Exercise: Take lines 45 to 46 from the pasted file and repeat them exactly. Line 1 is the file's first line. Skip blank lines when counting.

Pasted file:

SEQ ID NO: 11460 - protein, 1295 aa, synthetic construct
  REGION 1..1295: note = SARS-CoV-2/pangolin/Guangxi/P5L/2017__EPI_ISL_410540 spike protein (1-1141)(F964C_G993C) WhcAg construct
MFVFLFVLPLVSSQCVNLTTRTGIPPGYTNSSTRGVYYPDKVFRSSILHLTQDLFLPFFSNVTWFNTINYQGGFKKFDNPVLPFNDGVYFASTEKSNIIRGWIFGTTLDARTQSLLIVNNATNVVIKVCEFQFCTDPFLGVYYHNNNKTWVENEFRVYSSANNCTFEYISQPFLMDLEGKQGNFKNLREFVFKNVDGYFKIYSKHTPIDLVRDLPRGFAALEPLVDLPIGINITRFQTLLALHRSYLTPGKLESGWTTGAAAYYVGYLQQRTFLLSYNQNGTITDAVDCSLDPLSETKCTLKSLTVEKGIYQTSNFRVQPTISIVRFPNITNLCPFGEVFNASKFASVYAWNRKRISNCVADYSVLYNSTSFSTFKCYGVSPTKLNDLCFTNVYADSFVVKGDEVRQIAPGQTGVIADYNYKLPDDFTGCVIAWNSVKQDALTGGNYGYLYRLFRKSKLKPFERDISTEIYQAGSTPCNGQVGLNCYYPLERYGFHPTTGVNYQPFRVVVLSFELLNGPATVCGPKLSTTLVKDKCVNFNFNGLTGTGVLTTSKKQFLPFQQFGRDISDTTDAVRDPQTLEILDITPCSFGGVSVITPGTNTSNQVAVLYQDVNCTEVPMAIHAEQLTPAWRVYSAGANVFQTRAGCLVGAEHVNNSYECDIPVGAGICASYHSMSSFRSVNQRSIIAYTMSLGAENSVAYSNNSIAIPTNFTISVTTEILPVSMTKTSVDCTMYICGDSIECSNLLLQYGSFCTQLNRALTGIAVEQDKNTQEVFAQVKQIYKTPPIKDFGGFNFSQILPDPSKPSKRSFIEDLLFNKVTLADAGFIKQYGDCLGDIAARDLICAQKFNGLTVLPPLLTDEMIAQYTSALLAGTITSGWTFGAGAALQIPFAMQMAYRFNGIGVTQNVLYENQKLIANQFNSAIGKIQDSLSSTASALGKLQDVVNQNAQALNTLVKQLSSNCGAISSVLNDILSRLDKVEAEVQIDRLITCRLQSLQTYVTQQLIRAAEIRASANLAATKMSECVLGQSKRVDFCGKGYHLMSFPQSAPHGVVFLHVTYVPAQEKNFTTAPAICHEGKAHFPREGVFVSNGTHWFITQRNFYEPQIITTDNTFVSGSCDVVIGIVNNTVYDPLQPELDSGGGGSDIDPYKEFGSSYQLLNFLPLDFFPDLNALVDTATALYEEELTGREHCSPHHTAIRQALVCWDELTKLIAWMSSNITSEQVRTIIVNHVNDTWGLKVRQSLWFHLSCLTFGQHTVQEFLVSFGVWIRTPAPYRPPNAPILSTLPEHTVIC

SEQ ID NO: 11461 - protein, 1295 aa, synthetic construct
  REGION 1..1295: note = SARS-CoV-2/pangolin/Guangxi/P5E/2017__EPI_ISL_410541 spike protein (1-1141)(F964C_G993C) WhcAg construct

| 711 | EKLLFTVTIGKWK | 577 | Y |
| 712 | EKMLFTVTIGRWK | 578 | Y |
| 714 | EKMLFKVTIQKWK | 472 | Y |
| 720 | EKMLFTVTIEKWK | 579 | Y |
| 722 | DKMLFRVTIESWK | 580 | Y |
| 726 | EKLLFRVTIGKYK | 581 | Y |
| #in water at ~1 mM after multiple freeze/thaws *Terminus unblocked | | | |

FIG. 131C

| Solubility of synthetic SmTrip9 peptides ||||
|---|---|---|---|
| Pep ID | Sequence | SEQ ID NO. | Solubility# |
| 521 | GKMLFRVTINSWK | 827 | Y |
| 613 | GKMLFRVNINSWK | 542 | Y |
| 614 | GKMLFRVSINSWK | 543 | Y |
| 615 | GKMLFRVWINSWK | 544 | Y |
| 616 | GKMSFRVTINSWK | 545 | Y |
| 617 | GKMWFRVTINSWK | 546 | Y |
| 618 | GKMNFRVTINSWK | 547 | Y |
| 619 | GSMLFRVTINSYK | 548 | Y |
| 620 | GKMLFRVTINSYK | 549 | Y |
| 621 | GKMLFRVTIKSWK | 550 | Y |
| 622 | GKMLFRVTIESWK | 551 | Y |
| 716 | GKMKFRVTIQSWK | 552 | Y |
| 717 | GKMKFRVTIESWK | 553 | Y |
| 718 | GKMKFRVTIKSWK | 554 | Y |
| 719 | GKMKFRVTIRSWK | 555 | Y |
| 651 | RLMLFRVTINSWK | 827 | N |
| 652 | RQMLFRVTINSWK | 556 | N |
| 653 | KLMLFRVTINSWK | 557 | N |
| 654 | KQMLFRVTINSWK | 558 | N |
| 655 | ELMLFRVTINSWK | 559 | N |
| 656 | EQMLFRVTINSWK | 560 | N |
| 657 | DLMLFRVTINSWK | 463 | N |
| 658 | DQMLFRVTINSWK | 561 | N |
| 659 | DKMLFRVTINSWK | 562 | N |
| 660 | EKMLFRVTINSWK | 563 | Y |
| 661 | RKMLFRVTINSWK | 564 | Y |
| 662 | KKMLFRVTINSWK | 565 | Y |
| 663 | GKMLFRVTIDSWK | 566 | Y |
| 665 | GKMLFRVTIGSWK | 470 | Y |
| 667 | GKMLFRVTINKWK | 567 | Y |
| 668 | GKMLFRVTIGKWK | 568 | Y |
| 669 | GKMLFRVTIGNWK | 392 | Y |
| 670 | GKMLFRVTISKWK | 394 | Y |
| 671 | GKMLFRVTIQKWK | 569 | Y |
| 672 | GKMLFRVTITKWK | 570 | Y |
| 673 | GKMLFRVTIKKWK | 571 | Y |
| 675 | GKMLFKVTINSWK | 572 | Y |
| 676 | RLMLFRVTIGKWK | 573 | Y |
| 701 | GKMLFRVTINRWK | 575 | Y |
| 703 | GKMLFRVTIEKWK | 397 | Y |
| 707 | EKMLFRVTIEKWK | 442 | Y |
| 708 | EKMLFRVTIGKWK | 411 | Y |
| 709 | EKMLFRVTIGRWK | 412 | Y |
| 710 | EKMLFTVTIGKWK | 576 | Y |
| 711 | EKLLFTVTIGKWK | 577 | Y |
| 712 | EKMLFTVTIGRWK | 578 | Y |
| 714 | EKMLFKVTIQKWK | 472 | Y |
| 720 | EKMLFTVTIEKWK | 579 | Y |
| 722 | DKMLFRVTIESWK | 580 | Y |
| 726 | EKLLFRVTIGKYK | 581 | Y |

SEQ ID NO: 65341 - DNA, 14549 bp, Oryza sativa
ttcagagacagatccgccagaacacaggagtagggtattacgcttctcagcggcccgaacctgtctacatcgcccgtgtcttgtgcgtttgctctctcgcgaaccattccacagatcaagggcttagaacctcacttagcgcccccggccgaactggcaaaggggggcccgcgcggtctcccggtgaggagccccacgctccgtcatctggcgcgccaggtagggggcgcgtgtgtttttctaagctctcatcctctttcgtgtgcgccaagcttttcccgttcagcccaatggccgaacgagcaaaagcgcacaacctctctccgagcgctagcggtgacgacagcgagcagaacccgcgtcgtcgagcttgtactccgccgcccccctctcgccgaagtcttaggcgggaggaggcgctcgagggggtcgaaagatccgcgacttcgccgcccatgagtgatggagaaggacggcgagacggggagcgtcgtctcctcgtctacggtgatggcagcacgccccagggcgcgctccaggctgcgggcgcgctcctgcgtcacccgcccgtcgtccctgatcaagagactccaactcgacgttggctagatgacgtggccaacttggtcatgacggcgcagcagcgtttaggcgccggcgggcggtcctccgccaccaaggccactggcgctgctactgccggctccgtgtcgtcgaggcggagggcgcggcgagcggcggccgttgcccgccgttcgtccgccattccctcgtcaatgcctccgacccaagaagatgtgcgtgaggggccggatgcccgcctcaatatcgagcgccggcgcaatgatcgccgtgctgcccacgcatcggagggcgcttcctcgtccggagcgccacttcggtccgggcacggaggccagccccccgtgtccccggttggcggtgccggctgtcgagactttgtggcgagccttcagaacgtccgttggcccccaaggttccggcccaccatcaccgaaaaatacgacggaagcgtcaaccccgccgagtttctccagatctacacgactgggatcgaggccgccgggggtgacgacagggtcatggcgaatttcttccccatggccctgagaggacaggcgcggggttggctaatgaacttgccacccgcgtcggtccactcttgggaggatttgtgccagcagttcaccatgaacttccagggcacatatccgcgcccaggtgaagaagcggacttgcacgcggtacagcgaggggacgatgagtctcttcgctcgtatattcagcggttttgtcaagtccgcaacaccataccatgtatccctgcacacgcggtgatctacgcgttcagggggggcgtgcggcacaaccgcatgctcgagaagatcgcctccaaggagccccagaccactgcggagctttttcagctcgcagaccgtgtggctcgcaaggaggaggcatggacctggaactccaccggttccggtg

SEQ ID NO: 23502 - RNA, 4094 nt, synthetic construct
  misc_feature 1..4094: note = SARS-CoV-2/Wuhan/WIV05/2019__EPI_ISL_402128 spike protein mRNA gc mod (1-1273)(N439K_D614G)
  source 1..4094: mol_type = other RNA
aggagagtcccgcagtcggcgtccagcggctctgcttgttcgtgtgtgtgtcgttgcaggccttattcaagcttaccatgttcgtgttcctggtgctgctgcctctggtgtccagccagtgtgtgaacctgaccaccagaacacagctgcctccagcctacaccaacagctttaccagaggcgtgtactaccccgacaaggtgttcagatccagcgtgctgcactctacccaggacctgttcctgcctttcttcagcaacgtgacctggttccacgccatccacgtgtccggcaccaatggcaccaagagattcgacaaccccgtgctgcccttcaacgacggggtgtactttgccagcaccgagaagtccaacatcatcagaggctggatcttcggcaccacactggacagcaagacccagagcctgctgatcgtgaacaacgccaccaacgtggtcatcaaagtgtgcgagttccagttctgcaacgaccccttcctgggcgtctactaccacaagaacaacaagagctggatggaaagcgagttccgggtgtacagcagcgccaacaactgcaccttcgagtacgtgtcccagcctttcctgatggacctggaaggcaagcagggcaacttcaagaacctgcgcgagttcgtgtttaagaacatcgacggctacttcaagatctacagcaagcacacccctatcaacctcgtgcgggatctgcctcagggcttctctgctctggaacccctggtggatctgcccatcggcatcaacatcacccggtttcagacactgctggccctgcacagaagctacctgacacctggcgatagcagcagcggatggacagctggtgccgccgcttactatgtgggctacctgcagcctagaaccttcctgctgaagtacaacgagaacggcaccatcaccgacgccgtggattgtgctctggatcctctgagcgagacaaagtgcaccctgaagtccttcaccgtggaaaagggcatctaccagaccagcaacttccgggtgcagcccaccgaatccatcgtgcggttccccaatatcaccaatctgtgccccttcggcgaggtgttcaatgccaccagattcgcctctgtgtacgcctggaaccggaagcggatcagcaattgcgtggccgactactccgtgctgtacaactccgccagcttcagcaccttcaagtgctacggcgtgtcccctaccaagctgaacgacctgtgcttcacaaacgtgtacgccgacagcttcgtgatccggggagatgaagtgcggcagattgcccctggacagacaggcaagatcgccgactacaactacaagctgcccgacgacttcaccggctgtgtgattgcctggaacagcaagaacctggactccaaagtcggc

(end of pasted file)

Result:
| 665 | GKMLFRVTIGSWK | 470 | Y |
| 667 | GKMLFRVTINKWK | 567 | Y |